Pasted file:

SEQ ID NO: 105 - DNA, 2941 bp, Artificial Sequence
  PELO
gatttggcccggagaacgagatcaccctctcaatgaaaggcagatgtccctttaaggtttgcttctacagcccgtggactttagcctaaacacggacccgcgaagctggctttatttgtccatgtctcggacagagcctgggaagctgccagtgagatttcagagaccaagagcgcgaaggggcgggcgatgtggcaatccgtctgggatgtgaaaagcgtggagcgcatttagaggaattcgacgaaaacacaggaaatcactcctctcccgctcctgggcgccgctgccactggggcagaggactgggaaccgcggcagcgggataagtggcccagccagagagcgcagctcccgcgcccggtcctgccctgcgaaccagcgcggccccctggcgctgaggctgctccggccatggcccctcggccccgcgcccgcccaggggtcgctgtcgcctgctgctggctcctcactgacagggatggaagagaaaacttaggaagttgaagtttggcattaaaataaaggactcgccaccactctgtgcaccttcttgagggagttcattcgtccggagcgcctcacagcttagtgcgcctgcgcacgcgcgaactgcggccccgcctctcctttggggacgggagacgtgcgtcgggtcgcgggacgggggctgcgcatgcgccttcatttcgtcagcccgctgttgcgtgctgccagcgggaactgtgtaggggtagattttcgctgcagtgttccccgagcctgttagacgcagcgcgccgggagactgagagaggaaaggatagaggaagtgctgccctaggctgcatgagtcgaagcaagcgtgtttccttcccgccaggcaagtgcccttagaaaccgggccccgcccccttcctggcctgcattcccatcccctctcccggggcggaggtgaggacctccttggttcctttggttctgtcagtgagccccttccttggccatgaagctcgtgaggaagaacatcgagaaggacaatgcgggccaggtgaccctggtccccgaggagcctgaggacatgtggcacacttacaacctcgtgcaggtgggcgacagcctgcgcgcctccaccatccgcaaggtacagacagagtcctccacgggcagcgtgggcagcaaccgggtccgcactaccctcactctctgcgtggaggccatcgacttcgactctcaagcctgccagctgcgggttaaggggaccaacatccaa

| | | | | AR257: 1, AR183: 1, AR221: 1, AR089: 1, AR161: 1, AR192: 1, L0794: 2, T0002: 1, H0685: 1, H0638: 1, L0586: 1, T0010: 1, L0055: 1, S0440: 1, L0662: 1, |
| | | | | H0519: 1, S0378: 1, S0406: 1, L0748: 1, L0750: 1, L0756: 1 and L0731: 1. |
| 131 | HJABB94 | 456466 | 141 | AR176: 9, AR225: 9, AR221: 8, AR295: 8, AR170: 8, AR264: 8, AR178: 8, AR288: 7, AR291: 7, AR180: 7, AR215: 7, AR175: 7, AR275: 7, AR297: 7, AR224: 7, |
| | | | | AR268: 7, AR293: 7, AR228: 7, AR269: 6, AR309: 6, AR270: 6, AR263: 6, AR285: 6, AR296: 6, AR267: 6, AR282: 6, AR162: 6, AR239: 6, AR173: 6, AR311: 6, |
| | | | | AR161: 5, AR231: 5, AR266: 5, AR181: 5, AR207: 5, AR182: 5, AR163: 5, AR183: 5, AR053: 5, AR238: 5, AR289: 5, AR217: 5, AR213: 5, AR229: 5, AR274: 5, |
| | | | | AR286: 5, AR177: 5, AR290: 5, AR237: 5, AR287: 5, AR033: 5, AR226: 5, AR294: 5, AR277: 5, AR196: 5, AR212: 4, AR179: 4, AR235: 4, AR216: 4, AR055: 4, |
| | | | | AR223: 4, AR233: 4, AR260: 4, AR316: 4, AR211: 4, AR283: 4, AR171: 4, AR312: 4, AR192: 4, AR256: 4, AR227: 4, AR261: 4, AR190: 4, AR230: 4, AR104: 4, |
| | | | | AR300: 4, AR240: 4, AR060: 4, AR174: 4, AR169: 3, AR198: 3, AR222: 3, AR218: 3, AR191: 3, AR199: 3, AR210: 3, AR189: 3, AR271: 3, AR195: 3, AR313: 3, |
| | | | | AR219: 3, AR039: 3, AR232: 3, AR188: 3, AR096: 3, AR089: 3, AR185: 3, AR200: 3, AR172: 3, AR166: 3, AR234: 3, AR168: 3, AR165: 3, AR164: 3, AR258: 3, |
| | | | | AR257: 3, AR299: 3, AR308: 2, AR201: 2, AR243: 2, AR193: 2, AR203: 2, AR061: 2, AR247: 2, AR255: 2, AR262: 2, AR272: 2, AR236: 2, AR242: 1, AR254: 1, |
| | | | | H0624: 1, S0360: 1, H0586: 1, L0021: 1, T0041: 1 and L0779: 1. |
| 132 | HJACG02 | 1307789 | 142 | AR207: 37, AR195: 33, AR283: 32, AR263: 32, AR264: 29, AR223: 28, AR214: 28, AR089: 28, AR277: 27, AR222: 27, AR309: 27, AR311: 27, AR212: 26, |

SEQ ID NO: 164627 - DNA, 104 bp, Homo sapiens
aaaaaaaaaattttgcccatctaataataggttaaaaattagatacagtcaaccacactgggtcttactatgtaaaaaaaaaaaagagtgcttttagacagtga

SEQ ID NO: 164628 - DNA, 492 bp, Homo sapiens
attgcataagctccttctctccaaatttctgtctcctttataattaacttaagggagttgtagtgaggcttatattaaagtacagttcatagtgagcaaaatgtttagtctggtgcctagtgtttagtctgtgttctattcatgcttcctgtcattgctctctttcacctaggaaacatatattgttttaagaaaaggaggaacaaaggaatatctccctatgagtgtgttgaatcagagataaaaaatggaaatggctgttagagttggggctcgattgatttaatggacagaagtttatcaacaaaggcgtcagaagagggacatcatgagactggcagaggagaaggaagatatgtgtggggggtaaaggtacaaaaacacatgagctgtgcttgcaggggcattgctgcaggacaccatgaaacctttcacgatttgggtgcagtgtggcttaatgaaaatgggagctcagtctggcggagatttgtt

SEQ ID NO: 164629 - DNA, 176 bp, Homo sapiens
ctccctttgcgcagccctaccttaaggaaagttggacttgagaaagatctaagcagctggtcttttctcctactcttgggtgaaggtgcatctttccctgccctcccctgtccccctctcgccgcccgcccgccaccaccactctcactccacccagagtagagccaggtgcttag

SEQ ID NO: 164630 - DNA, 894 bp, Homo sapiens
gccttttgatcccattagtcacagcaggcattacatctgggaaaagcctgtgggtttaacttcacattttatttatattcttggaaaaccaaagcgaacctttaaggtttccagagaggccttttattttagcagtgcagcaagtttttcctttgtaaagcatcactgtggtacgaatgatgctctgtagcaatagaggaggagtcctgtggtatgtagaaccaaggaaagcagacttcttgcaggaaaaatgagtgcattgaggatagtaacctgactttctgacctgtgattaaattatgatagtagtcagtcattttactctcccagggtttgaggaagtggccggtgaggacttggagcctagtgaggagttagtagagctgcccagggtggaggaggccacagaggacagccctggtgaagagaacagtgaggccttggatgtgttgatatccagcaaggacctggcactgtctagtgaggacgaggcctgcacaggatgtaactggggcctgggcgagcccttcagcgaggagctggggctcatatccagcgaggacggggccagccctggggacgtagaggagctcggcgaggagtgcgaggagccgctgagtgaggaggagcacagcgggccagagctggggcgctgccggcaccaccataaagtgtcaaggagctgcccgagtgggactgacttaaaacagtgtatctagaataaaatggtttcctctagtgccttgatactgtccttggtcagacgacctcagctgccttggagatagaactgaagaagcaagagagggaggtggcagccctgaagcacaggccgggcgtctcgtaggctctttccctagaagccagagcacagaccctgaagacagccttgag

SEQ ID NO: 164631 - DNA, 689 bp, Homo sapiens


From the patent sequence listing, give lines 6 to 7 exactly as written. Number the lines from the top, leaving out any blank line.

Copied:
| 131 | HJABB94 | 456466 | 141 | AR176: 9, AR225: 9, AR221: 8, AR295: 8, AR170: 8, AR264: 8, AR178: 8, AR288: 7, AR291: 7, AR180: 7, AR215: 7, AR175: 7, AR275: 7, AR297: 7, AR224: 7, |
| | | | | AR268: 7, AR293: 7, AR228: 7, AR269: 6, AR309: 6, AR270: 6, AR263: 6, AR285: 6, AR296: 6, AR267: 6, AR282: 6, AR162: 6, AR239: 6, AR173: 6, AR311: 6, |